Targeting EGFR Induced Oxidative Stress by PARP1 Inhibition in Glioblastoma Therapy

Masayuki Nitta, David Kozono, Richard Kennedy, Jayne Stommel, Kimberly Ng, Pascal O. Zinn, Deepa Kushwaha, Santosh Kesari, Frank Furnari, Katherine A. Hoadley, Lynda Chin, Ronald A. DePinho, Webster K. Cavenee, Alan D'Andrea, Clark C. Chen, Richard Kennedy

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56 Citations (Scopus)


Despite the critical role of Epidermal Growth Factor Receptor (EGFR) in glioblastoma pathogenesis [1,2], EGFR targeted therapies have achieved limited clinical efficacy [3]. Here we propose an alternate therapeutic strategy based on the conceptual framework of non-oncogene addiction [4,5]. A directed RNAi screen revealed that glioblastoma cells overexpressing EGFRvIII [6], an oncogenic variant of EGFR, become hyper-dependent on a variety of DNA repair genes. Among these, there was an enrichment of Base Excision Repair (BER) genes required for the repair of Reactive Oxygen Species (ROS)-induced DNA damage, including poly-ADP ribose polymerase 1 (PARP1). Subsequent studies revealed that EGFRvIII overexpression in glioblastoma cells caused increased levels of ROS, DNA strand break accumulation, and genome instability. In a panel of primary glioblastoma lines, sensitivity to PARP1 inhibition correlated with the levels of EGFR activation and oxidative stress. Gene expression analysis indicated that reduced expression of BER genes in glioblastomas with high EGFR expression correlated with improved patient survival. These observations suggest that oxidative stress secondary to EGFR hyperactivation necessitates increased cellular reliance on PARP1 mediated BER, and offer critical insights into clinical trial design.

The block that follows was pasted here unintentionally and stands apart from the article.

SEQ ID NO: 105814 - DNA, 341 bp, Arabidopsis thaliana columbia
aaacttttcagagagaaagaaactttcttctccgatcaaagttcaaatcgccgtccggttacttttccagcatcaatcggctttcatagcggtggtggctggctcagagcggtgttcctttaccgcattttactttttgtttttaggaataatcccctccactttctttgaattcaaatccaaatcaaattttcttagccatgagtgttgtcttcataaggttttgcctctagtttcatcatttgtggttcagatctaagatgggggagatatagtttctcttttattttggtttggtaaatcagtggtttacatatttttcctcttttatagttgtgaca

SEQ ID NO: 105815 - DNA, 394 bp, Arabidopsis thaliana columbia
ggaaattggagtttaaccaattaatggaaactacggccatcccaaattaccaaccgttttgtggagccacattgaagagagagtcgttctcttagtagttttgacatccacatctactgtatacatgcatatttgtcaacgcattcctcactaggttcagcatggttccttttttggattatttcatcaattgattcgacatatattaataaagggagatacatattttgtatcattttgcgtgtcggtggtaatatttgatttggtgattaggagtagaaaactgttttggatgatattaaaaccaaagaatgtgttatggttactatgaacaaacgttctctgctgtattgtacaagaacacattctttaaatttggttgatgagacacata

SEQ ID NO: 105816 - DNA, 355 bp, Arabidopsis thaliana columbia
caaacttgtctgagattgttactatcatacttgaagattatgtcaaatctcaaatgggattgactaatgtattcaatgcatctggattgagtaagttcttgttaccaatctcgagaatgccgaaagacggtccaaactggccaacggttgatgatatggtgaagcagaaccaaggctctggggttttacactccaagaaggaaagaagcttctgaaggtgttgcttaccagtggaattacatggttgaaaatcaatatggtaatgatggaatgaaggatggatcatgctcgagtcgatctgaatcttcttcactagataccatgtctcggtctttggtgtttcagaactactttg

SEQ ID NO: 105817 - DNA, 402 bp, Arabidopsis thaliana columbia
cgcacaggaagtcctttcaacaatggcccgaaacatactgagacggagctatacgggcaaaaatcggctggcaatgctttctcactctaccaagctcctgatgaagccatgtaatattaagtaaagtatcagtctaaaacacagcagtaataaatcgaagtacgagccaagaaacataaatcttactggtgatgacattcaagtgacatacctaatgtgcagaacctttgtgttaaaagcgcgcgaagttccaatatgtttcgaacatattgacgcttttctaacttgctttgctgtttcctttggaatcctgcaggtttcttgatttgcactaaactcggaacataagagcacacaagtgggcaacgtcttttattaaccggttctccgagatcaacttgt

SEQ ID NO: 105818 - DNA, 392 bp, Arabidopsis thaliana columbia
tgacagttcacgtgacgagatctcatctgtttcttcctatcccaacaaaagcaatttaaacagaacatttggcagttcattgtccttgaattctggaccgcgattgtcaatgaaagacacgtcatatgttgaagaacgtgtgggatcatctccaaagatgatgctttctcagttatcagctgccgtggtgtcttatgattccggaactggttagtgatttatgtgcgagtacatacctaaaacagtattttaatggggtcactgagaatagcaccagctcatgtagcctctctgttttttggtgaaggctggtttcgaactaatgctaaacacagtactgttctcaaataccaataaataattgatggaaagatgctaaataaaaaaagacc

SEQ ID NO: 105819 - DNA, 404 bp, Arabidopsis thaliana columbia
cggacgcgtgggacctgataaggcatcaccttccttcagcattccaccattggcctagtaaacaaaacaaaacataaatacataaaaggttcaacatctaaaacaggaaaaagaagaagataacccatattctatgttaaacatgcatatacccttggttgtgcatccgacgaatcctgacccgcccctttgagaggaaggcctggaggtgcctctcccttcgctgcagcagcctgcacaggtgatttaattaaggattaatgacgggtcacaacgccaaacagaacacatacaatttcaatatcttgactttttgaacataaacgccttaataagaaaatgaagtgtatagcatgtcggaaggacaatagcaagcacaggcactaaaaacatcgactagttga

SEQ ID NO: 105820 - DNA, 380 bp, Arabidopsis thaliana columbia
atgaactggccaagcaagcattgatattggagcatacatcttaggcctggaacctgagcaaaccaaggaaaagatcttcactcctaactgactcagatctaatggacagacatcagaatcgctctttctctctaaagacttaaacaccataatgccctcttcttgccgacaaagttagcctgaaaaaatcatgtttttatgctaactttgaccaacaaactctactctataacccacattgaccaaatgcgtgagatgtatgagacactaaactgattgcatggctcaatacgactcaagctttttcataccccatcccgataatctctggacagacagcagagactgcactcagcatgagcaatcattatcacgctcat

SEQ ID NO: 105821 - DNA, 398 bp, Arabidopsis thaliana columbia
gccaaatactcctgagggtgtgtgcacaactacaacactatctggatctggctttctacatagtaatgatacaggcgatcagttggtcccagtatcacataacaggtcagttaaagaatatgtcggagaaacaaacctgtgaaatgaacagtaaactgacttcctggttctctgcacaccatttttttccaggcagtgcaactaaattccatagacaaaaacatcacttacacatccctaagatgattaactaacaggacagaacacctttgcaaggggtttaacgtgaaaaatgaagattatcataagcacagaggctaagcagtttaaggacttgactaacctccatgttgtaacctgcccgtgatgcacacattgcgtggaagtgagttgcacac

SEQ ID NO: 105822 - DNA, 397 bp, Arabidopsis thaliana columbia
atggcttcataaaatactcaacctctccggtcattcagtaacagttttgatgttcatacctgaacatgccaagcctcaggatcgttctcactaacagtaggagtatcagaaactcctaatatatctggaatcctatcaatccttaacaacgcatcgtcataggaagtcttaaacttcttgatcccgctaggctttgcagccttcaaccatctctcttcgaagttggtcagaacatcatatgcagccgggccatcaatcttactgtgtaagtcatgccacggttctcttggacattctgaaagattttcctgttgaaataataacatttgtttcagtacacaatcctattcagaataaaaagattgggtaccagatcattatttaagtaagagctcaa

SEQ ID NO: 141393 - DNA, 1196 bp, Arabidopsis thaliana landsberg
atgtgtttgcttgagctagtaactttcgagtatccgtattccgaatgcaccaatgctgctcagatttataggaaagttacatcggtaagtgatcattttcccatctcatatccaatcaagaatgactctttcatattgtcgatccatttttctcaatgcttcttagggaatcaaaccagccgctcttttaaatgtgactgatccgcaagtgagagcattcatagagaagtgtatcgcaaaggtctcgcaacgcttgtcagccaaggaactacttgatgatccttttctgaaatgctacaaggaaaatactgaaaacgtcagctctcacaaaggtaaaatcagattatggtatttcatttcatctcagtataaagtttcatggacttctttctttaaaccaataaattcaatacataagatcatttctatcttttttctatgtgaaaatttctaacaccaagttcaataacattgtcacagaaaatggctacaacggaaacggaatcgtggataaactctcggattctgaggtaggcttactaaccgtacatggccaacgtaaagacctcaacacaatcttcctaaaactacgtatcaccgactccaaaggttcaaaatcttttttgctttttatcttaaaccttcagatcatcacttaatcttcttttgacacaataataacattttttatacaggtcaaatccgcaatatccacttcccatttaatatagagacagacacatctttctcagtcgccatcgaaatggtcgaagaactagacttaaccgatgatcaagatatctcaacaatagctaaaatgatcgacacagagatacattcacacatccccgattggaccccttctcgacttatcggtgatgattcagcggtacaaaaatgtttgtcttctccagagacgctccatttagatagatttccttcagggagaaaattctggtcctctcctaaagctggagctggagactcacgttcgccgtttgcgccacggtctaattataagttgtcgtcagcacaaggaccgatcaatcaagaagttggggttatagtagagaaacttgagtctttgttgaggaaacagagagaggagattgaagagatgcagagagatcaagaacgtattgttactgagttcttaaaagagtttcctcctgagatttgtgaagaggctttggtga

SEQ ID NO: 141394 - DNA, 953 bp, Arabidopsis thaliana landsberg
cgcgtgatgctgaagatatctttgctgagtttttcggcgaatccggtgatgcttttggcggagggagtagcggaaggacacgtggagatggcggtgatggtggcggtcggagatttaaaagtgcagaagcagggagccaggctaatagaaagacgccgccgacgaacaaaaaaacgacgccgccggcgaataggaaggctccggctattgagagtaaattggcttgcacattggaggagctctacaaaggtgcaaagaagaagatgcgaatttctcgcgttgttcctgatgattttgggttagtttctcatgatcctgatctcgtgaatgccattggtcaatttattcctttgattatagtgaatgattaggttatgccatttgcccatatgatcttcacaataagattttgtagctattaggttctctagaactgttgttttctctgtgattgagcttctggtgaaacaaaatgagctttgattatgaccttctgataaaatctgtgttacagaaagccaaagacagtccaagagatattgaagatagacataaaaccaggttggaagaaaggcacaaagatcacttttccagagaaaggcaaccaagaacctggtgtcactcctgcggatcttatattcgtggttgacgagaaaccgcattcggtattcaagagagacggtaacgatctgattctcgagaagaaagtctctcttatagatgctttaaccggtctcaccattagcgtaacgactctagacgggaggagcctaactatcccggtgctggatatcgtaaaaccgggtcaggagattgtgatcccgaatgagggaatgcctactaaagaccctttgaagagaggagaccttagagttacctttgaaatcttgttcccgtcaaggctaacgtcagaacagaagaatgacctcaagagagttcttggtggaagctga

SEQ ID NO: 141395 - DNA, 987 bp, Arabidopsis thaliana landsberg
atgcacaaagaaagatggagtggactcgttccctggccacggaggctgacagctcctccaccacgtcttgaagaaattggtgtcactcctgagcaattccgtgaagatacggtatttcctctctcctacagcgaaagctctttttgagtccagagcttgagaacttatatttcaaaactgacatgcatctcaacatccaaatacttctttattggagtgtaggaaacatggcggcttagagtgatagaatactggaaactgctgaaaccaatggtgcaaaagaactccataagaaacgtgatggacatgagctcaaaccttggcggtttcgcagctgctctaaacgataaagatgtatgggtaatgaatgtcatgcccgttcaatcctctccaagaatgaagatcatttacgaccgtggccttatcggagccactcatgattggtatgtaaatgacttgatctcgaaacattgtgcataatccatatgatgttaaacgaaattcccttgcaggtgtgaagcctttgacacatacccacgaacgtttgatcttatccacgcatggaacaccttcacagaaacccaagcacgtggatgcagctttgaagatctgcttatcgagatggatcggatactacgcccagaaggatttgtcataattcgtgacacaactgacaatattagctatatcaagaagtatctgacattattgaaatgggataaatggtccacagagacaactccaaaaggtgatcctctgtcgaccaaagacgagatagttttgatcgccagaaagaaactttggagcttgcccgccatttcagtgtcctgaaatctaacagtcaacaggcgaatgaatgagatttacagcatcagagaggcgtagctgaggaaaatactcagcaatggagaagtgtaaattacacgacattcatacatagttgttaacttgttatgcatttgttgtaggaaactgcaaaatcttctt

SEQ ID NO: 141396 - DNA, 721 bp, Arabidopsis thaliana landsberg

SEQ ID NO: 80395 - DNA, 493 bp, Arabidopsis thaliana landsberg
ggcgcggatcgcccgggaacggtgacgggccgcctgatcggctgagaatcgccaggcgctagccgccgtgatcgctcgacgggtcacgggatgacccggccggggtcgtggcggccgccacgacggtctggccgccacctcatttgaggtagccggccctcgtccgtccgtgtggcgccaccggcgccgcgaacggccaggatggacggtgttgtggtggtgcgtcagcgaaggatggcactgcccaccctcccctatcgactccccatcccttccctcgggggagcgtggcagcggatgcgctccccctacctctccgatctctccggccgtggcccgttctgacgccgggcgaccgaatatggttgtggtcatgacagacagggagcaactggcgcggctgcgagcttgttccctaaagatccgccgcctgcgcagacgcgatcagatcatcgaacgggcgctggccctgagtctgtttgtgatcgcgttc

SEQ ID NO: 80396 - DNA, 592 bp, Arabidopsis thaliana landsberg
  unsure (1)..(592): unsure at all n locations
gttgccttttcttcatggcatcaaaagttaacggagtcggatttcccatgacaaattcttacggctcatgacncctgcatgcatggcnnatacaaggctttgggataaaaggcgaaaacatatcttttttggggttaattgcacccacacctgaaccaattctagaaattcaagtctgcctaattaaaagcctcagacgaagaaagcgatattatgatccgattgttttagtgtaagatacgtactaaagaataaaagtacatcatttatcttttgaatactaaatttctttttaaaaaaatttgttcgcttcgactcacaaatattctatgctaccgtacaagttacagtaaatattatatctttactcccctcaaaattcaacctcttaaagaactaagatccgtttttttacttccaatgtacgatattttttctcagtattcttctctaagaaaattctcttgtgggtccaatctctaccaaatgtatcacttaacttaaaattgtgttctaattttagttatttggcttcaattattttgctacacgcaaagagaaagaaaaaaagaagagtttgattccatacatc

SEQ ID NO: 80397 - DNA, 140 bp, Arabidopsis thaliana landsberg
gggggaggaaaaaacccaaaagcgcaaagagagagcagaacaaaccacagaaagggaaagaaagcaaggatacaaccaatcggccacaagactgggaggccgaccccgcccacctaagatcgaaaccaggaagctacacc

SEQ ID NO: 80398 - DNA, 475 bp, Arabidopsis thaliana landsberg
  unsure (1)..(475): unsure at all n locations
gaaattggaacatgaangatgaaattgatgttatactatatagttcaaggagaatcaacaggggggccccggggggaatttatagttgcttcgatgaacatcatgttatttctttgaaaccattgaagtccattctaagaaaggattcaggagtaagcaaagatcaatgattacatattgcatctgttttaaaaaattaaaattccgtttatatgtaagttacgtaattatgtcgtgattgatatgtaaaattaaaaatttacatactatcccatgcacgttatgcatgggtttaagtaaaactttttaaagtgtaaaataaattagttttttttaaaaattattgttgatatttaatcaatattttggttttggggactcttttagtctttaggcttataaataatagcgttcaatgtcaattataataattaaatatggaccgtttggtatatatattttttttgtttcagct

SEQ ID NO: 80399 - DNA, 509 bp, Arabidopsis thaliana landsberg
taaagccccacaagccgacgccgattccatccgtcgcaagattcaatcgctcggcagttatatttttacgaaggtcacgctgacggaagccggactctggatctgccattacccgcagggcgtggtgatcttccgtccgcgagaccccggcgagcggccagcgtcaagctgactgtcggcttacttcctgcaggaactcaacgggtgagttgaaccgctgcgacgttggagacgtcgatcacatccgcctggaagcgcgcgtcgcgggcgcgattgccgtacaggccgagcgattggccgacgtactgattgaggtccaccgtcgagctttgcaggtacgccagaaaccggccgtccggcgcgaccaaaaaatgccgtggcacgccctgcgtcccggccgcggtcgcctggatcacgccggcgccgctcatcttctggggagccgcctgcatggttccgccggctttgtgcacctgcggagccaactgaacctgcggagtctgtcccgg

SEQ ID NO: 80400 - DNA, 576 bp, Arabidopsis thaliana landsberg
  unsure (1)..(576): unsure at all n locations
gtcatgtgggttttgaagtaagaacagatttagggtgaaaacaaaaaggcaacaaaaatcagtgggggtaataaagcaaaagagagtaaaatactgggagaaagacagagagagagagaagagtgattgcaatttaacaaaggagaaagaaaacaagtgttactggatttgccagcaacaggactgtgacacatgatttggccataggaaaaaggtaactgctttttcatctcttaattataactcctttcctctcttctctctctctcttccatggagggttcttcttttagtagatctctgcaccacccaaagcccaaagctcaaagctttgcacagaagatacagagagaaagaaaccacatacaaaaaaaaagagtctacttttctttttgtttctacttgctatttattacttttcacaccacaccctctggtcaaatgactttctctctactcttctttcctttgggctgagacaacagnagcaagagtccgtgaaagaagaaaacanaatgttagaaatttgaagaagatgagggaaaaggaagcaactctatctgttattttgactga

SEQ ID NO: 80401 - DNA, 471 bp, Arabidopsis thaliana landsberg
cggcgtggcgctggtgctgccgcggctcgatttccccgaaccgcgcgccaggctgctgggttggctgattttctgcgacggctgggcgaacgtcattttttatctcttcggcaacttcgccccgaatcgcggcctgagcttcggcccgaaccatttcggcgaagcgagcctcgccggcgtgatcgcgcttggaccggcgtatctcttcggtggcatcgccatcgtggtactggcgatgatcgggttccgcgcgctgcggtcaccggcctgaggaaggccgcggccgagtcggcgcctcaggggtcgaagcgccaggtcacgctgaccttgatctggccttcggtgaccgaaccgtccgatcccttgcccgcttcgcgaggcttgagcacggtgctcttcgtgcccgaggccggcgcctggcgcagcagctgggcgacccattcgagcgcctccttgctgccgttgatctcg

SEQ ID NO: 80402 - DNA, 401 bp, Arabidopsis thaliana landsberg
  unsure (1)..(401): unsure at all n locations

Original languageEnglish
Article numbere10767
Pages (from-to)-
Number of pages12
JournalPLoS ONE
Issue number5
Publication statusPublished - 24 May 2010


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